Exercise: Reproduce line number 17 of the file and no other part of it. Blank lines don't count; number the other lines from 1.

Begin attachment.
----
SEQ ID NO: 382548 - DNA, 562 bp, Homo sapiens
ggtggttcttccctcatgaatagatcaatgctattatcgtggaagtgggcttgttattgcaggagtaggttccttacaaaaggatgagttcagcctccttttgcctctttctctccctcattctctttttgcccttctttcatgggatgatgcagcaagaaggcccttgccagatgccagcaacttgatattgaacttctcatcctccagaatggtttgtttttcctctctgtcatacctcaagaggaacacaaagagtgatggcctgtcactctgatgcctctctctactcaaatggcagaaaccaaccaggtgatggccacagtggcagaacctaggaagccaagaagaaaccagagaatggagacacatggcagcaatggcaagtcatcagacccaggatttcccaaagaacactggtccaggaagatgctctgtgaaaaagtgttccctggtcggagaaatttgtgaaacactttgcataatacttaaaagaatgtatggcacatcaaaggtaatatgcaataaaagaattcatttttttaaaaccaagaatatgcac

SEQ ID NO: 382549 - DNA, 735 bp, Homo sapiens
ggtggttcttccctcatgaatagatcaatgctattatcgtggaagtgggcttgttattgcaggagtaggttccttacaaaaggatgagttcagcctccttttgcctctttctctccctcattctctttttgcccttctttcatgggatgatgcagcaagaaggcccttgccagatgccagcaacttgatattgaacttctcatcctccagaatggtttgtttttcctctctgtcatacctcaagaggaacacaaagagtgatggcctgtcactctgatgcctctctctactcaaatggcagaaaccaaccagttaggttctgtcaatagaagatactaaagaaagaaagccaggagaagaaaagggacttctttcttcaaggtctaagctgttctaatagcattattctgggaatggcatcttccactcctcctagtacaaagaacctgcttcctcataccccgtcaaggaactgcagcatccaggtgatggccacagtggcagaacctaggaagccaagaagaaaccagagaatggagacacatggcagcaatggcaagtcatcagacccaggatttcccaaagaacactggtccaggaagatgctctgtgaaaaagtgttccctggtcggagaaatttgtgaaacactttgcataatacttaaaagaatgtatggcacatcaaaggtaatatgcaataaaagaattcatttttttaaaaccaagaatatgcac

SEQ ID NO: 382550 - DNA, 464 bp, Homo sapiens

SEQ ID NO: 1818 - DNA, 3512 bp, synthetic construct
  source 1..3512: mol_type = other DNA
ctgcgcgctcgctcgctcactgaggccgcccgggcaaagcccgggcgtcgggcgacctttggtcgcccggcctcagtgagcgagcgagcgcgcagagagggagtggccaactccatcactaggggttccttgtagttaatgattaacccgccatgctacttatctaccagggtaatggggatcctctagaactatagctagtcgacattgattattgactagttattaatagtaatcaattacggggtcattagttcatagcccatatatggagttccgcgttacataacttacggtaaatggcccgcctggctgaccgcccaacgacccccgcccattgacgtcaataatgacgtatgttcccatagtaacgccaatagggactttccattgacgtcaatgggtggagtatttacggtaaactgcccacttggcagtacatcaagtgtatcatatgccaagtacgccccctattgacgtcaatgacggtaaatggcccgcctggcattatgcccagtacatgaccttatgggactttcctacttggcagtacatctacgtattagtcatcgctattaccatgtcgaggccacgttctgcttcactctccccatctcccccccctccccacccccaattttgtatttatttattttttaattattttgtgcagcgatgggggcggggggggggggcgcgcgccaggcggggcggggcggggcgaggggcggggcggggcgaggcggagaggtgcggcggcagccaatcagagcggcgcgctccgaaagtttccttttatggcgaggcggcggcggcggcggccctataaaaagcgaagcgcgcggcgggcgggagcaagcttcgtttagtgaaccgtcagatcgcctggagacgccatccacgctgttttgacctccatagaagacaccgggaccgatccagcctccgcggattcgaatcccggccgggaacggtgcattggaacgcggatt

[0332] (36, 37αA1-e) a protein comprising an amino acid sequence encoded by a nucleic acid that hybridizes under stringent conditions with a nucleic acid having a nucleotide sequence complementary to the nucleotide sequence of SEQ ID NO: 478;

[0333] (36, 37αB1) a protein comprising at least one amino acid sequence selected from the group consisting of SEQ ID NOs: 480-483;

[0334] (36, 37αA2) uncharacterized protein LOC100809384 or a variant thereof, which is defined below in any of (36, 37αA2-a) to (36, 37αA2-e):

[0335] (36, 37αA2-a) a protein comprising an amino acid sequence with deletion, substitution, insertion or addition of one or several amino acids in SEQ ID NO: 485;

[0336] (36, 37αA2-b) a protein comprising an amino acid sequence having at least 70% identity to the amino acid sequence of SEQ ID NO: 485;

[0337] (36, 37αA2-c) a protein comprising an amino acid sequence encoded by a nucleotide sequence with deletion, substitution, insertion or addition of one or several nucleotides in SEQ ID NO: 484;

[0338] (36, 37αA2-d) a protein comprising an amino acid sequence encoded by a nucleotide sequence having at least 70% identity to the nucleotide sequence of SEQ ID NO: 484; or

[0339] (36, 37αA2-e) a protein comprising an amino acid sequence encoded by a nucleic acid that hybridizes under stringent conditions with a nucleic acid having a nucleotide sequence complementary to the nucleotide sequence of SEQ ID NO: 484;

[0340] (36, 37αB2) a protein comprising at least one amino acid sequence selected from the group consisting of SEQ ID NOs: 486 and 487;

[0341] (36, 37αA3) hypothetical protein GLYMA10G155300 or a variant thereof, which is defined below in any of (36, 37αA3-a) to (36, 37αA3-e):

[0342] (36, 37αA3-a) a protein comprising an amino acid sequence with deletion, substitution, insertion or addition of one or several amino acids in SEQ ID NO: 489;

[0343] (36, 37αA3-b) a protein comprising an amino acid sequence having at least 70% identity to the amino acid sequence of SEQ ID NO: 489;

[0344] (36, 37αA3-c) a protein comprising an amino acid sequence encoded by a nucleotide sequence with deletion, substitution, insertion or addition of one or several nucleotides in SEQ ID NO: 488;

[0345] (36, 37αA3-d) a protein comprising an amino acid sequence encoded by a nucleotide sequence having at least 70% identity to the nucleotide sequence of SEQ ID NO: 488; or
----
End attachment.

[0340] (36, 37αB2) a protein comprising at least one amino acid sequence selected from the group consisting of SEQ ID NOs: 486 and 487;